I setup an Ubuntu guest on a CentOS KVM host with initially 6GB of disk space. How do I go about increasing the Ubuntu guest's disk space from the command line?

EDIT #1: I'm using a disk image file (qemu).


18 Answers 18

  1. stop the VM
  2. run qemu-img resize vmdisk.img +10G to increase image size by 10Gb
  3. start the VM, resize the partitions and LVM structure within it normally
  • 2
    Worked for re-sizing my *.qcow2 img on RHEL6.6. Thanks! Commented Mar 12, 2015 at 17:54
  • 31
    start the VM, resize the partitions and LVM structure within it normally How to do it? Please explain it.
    – Waki
    Commented Jul 2, 2015 at 19:17
  • 11
    To resize partions and LVM, follow all steps as explained in this excellent article: sandilands.info/sgordon/…
    – skonsoft
    Commented Jul 3, 2016 at 18:55
  • 10
    why don't you just use 1. fix the problem? the vague part is 3.... are you kidding me?
    – d9ngle
    Commented May 4, 2020 at 15:47
  • 3
    @d9ngle Well, see, here's the thing. dyasny's answer isn't vague. It explains exactly how to grow a VM image's allocated space. Step 3 involves resizing the filesystem, which is the same whether or not you're using a VM, but is different for every OS, distro, and release. So if you don't know how to resize disk volumes in your (guest) OS, then you have two questions. One of them has now been answered.
    – FeRD
    Commented Jan 6, 2022 at 20:34

Online Method (using qemu, libvirt, and virtio-block)

For better or worse, the commands below will run even if the target virtual disk is mounted. This can be useful in environments where the disk cannot be unmounted (such as a root partition), the VM must stay on, and the system owner is willing to assume the risk of data corruption. To remove that risk, you would need to log into the VM and unmount the target disk first, something that isn't always possible.

Perform the following from the KVM hypervisor.

  1. Increase the size of the disk image file itself (specify the amount to increase):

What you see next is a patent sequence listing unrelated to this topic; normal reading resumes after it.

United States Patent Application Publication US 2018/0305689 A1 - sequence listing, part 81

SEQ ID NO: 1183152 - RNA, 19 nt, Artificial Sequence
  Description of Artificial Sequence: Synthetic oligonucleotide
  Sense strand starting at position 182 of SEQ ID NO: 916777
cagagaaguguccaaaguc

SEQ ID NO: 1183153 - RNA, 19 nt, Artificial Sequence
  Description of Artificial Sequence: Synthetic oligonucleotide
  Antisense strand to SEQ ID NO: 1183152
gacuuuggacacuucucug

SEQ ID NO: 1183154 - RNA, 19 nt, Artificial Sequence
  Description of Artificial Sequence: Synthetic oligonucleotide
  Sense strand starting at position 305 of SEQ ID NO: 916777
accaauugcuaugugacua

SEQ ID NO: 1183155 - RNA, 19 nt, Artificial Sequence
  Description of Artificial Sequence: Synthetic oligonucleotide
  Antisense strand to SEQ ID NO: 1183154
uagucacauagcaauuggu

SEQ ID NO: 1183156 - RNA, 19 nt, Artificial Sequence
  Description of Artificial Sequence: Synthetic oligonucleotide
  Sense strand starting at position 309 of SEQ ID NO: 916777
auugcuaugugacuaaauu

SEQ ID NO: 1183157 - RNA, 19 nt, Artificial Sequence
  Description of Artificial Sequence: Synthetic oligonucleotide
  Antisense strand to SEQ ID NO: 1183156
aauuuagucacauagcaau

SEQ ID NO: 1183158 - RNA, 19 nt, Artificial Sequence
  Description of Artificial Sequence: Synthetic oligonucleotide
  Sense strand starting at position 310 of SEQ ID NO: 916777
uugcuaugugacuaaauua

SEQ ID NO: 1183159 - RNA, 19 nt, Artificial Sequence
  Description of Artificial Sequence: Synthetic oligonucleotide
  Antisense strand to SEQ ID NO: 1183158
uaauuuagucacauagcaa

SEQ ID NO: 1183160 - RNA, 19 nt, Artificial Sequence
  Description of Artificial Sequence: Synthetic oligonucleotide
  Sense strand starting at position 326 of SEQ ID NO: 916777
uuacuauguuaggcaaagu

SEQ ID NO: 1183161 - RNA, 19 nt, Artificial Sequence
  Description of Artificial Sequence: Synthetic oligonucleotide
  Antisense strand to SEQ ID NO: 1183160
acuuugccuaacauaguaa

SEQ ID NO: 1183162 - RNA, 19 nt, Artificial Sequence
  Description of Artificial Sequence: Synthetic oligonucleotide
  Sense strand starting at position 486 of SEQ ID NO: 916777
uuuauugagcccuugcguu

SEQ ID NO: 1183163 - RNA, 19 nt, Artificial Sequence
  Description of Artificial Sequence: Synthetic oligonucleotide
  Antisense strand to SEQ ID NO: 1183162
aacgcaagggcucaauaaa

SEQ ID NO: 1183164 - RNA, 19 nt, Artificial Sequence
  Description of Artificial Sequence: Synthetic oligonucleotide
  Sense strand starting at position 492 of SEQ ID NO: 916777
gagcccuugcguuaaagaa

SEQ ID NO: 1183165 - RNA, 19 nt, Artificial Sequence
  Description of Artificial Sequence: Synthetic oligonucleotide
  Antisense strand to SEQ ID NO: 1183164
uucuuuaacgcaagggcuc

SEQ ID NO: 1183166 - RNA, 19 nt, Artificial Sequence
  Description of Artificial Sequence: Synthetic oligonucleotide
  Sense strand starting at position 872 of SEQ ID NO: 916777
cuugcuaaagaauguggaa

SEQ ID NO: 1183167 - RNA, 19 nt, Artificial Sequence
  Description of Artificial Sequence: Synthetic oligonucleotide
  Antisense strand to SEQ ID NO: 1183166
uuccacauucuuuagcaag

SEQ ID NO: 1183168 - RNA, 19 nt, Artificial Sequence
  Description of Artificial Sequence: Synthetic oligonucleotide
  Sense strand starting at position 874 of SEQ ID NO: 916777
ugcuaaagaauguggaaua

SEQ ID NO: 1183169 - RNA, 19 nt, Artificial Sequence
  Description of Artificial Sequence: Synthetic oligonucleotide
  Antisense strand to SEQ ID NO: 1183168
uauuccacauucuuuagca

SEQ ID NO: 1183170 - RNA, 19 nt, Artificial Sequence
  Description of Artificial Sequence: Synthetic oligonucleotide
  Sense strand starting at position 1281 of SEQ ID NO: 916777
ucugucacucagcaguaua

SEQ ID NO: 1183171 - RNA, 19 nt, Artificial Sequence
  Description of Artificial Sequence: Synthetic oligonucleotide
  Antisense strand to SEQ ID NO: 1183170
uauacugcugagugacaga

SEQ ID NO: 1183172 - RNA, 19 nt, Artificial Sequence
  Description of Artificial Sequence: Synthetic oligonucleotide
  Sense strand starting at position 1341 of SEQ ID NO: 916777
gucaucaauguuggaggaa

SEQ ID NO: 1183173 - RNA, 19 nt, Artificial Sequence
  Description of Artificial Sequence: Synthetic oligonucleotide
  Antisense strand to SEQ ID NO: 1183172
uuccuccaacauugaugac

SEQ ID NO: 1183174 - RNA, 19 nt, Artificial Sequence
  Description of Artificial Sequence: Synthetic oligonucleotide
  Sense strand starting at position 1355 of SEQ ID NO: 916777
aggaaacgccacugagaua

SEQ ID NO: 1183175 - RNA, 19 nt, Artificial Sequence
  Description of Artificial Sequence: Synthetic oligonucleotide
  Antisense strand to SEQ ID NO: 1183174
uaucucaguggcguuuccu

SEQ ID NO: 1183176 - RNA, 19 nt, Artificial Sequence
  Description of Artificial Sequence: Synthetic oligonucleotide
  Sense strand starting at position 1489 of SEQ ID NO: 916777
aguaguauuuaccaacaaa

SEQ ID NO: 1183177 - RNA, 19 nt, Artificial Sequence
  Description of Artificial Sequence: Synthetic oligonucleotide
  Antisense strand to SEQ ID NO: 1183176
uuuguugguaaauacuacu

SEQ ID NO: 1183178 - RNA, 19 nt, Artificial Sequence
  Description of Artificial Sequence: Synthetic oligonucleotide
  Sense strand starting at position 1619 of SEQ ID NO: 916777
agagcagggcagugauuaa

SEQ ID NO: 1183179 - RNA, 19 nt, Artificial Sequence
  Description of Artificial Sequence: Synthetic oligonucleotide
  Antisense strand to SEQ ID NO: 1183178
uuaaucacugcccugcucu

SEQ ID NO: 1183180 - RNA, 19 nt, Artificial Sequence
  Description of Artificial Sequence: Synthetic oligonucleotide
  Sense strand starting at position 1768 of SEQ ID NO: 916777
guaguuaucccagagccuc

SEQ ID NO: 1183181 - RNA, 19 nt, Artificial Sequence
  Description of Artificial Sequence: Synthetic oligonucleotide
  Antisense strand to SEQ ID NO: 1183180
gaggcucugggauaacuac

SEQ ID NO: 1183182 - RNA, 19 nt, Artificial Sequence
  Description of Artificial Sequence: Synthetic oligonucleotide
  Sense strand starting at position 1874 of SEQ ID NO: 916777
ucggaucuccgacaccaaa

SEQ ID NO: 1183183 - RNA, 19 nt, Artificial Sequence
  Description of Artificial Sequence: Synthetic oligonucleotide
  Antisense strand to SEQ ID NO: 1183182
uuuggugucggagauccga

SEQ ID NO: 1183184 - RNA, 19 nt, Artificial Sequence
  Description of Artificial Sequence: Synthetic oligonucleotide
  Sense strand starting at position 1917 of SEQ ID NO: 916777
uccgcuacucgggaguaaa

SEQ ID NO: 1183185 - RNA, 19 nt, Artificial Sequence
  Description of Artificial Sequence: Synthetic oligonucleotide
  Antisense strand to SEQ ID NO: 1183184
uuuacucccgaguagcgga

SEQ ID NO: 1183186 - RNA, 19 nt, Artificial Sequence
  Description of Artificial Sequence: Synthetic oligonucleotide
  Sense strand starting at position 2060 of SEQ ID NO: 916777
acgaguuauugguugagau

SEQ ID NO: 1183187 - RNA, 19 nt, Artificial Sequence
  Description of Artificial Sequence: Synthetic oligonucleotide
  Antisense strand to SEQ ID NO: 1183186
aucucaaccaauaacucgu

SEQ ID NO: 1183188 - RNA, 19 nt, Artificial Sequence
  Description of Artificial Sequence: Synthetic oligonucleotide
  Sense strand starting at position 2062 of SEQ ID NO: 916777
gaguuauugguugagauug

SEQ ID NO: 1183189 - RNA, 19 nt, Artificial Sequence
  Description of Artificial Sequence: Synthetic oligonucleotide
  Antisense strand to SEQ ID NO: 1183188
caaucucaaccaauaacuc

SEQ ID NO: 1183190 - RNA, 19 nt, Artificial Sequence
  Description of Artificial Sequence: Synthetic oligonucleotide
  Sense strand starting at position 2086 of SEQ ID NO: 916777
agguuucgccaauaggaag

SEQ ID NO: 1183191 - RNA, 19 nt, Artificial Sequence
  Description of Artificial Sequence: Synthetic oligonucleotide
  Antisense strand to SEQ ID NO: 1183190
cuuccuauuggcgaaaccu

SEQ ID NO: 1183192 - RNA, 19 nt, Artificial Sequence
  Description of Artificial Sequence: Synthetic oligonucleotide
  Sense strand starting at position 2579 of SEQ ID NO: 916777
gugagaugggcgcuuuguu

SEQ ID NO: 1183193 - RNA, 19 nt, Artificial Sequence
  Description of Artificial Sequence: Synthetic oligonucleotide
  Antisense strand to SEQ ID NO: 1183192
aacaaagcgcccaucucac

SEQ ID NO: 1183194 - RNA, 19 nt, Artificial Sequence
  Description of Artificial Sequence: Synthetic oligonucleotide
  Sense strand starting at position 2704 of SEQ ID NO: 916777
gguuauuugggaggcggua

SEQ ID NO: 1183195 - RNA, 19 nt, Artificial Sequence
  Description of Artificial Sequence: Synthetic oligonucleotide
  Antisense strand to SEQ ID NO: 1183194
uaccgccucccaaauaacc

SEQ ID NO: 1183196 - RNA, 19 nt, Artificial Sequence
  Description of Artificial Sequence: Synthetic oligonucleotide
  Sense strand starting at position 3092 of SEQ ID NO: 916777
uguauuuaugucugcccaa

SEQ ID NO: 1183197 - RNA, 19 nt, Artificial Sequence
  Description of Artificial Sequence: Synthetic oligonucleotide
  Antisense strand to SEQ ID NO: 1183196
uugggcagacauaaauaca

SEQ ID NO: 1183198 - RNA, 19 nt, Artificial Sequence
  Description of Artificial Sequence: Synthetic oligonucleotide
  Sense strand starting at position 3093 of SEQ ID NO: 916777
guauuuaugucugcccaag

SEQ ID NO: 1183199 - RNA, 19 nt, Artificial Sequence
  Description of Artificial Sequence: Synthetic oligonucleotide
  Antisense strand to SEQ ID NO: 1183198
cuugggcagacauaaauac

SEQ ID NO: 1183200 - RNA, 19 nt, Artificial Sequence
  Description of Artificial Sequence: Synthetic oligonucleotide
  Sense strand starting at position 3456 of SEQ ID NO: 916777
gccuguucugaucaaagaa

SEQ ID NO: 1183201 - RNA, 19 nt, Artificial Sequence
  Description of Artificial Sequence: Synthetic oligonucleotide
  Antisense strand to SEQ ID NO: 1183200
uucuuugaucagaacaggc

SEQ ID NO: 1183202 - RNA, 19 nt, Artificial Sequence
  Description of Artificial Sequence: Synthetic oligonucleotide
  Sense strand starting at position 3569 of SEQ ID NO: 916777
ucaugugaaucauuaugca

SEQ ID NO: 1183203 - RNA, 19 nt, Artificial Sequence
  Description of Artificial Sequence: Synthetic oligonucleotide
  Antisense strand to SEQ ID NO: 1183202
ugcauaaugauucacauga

qemu-img resize <my_vm>.img +10G
  2. Get the name of the virtio device, via the libvirt shell (drive-virtio-disk0 in this example):

    virsh qemu-monitor-command <my_vm> info block --hmp
      drive-virtio-disk0: removable=0 io-status=ok file=/var/lib/libvirt/images/<my_vm>.img ro=0 drv=raw encrypted=0
      drive-ide0-1-0: removable=1 locked=0 tray-open=0 io-status=ok [not inserted]
  3. Signal the virtio driver to detect the new size (specify the total new capacity):

    virsh qemu-monitor-command <my_vm> block_resize drive-virtio-disk0 20G --hmp

Then log into the VM. Running dmesg should report that the virtio disk detected a capacity change. At this point, go ahead and resize your partitions and LVM structure as needed.

  • 6
    The man page for qemu-img (mine is dated 2016-05-08) says: "Warning: Never use qemu-img to modify images in use by a running virtual machine or any other process; this may destroy the image. Also, be aware that querying an image that is being modified by another process may encounter inconsistent state." So I am not sure whether (the first step) is safe when the virtual machine is still running.
    – user44400
    Commented May 30, 2017 at 7:51
  • Does not work on centos7+kvm
    – e-info128
    Commented Dec 27, 2017 at 13:27
  • 1
    This worked perfectly for me. Using ceph and virtio block devices. we store application data / MySQL db on a separate partition. Stop the applications accessing this partition. Unmount it. Resize it. fsck. then mount it again with the new size. No shutdown needed.
    – nelaaro
    Commented Apr 30, 2018 at 14:44
  • Same as this answer, but using libvirt instead of monitor console: serverfault.com/a/952868/30946 Commented Feb 9, 2019 at 17:18
  • This works if 'device' is empty in json (query-block): virsh qemu-monitor-command jb155sapqe02 --cmd '{"execute": "block_resize", "arguments": { "node-name": "libvirt-4-format", "size": 26843545600 } }'
    – Jiri B
    Commented Jul 12 at 15:11

These serverfault questions are similar but more specific, KVM online disk resize? & Centos Xen resizing DomU partition and volume group. The 1st asks the question of how to increase a KVM guest while it's online, while the 2nd is XEN specific using LVM. I'm asking how to accomplish this while the KVM is offline.

NOTE: This link was useful for METHOD #1, and shows how to accomplish increasing a KVM's disk space (ext3 based), HOWTO: Resize a KVM Virtual Machine Image.

One thing to be aware of with KVM guests is that the partitions they're using inside can effect which method you can use to increase their disk space.

METHOD #1: Partitions are ext2/ext3/ext4 based

The nuts of this method are as follows:

# 1. stop the VM
# 2. move the current image
mv mykvm.img mykvm.img.bak

# 3. create a new image
qemu-img create -f raw addon.raw 30G

# 4. concatenate the 2 images